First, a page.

Establishing a collection plan, understanding your customers, and sending consistent, prompt invoices are all processes that can help small businesses speed up the debt collection process.
When you own or run a small business, having a consistent and steady cash flow is critical. When customers do not pay their bills on time, it can be detrimental to your business, as well as stressful and frustrating. Use our debt collection attorney’s best debt collection tips to help your small business secure the money it is owed.
Have a Payment and Collection Plan
Having a well laid-out plan for handling payments and collections can go a long way towards making the debt collection process easier. These procedures will provide the necessary historical data and documentation for your debt collection attorney to file a claim if your accounts receivable continue to go unpaid.
The first step is creating the plan. After creation, the next step is communicating this plan to your customers, preferably in writing. Providing your payment policies in advance gives your customers an understanding of what payment is expected, how long they have to pay, and any additional payment terms like late payment fees and interest rates.
When a debt goes unpaid, your debt collection attorney will help you develop a specific plan with steps to guide you through the process of collection. Typically, these plans follow a logical sequence that ensures a fair opportunity for customers to pay the debt:
- Send a written reminder
- Call the customer
- Negotiate a payment plan
- If debt goes unpaid, pursue legal action
Your employees should understand these procedures and be able to articulate them to customers as needed.
The sooner you ask to be paid, the sooner you will be paid. Your invoice should include an accurate and detailed description of the work completed, when it was completed, the details of the product or service provided, and the payment due date.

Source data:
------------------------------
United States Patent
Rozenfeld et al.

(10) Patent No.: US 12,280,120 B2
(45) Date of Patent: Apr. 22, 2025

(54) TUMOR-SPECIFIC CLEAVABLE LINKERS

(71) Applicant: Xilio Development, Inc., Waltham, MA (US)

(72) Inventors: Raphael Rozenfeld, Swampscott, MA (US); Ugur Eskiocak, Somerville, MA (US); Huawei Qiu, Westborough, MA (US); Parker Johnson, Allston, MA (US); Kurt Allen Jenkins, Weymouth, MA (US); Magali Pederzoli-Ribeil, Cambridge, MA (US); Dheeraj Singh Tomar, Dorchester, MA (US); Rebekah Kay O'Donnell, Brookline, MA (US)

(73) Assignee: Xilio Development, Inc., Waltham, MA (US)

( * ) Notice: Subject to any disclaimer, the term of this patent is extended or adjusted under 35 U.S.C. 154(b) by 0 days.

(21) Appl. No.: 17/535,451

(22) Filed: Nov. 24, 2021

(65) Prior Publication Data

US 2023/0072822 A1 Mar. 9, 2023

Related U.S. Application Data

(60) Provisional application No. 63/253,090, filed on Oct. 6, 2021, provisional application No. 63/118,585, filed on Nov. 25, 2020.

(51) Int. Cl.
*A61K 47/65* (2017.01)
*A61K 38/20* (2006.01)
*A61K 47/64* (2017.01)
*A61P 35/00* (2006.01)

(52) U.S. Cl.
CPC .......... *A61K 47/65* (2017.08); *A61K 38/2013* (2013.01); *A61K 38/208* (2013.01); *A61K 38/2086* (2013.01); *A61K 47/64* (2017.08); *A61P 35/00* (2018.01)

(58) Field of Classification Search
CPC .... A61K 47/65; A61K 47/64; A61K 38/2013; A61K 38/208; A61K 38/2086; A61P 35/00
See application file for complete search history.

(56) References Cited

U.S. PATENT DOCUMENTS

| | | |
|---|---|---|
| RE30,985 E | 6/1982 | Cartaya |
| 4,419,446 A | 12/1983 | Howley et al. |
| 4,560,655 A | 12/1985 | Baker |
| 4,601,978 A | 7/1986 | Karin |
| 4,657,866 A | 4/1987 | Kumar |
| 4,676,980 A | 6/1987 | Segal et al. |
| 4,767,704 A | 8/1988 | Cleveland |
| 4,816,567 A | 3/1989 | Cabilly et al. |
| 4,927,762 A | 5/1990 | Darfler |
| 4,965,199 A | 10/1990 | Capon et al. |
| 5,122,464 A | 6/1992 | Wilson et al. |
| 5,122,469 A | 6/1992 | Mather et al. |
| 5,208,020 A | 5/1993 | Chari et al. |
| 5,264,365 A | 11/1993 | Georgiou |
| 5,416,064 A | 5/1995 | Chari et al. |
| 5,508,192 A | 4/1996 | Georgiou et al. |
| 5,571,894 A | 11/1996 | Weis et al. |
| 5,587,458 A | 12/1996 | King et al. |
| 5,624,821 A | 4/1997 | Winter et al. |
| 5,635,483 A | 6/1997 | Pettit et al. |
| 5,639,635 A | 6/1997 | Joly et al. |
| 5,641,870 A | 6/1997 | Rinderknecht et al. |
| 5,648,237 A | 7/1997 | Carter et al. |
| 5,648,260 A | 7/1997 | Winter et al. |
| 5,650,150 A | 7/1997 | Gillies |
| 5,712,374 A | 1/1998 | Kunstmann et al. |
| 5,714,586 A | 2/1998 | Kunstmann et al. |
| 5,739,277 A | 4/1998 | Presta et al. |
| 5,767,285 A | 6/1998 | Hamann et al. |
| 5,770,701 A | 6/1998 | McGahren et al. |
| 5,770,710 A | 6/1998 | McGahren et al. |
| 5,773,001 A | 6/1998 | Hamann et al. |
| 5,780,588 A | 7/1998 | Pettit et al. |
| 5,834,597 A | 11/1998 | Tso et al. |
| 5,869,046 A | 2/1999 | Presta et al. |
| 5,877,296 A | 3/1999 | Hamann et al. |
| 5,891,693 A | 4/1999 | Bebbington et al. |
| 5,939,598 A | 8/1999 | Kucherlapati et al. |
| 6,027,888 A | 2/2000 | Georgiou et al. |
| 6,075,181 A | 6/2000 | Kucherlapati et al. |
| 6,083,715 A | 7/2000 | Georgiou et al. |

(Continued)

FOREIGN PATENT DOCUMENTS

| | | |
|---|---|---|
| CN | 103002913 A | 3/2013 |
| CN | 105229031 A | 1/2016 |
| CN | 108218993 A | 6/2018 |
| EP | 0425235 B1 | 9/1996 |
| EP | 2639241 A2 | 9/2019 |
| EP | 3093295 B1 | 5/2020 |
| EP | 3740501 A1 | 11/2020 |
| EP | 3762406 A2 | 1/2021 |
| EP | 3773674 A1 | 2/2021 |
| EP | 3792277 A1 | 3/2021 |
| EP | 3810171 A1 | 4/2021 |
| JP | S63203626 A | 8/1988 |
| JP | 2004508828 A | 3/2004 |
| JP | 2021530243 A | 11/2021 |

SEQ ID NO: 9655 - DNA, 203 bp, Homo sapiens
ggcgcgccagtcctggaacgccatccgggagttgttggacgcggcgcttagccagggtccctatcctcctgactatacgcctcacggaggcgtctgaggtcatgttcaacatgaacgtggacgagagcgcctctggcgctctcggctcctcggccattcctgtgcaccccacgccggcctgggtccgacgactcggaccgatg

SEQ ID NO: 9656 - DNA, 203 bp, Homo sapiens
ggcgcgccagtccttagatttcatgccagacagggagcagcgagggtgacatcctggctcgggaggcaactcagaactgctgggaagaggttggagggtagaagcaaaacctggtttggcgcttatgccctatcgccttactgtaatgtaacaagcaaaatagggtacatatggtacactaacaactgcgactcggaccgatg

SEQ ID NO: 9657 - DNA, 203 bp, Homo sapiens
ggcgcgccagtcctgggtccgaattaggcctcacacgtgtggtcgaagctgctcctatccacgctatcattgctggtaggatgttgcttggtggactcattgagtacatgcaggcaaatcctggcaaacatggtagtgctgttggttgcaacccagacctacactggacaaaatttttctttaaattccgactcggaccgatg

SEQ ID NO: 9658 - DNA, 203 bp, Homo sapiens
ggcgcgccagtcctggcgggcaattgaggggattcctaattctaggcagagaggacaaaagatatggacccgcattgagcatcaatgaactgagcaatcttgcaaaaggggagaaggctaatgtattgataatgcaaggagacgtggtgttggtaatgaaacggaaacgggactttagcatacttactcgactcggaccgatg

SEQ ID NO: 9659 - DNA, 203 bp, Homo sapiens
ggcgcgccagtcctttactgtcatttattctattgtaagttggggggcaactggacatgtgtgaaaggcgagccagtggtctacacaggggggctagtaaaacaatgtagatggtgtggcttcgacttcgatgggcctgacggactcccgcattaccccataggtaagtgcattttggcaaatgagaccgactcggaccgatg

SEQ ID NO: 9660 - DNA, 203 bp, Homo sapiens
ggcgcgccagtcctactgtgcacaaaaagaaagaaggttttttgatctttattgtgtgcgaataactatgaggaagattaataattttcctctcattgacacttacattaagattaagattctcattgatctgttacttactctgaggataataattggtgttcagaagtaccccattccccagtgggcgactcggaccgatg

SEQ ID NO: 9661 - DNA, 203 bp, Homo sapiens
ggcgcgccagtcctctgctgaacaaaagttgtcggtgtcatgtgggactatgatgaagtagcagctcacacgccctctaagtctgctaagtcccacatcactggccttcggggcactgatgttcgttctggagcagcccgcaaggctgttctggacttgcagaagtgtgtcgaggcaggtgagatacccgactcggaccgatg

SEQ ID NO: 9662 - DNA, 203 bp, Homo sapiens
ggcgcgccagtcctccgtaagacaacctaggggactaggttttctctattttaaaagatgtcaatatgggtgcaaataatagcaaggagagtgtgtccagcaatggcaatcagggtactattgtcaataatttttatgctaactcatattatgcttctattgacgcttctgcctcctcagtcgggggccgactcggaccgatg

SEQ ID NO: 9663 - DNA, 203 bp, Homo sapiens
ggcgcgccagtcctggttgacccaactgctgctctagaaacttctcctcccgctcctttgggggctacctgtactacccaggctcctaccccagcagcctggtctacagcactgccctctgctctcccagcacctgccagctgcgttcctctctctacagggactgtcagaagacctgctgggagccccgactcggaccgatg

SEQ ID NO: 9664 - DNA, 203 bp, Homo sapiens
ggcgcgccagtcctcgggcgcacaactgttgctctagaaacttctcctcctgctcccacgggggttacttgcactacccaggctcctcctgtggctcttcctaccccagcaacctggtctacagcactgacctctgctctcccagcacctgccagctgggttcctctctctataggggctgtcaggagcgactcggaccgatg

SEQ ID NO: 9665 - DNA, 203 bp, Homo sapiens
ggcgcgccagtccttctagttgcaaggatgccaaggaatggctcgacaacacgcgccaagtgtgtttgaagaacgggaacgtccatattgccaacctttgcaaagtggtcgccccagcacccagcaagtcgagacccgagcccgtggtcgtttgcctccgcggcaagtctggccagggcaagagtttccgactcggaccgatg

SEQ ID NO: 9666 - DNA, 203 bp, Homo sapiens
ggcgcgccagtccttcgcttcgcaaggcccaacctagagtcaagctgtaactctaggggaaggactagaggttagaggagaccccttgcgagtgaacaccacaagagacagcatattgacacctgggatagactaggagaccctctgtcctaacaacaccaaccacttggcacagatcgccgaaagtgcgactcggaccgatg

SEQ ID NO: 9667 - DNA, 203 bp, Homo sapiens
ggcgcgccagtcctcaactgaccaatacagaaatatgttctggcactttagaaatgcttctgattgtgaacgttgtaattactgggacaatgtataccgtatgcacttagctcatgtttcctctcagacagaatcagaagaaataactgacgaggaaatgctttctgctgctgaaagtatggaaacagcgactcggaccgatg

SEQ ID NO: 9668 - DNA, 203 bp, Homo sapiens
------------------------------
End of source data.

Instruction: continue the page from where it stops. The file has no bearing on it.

To avoid disputes about the payment or work completed, be sure to keep accurate records, including:
- Copies of any contracts that were signed
- Work orders issued
- Bills for materials
- Emails and other communication related to the project
This documentation will be particularly helpful if you have to hire a debt collection attorney to pursue legal action against the customer. One invoicing tactic is to send a statement immediately after the due date if payment is not received. The statement lists any amount owed and the due date. It should also indicate the cost any penalty fees if the payment is not received by a certain date. Your attorney will be able to help you with the legal wording of these documents.
Understand the Debtor
Sometimes it is helpful to understand more about the customer when trying to collect a debt. There are typically three reasons a debtor does not pay:
- They want to pay but cannot because of financial issues.
- They regularly pay bills as late as possible.
- They have decided not to pay you at all.
If you know that the debtor is not paying because of financial issues, habit or avoidance, your debt collection attorney can then determine an effective follow-up strategy. Once you determine a customer has decided not to pay you at all, you should consider pursuing legal action to help you recover your funds.
Sometimes, seeing an attorney’s letterhead rather than your business’s can convince debtors that you are serious about collections. If not, then you have already started the process towards filing a claim by hiring an attorney.
The need to collect a debt is an essential part of running a profitable small business. A thoughtful plan coupled with a consistent and prompt billing process, and a deeper understanding of your customer, are excellent starting points to help make sense of the debt collection process for your small business.
If you are having trouble with your small business debt collection, contact McHughes Law Firm at (877) 750-6173 to schedule your free legal consultation.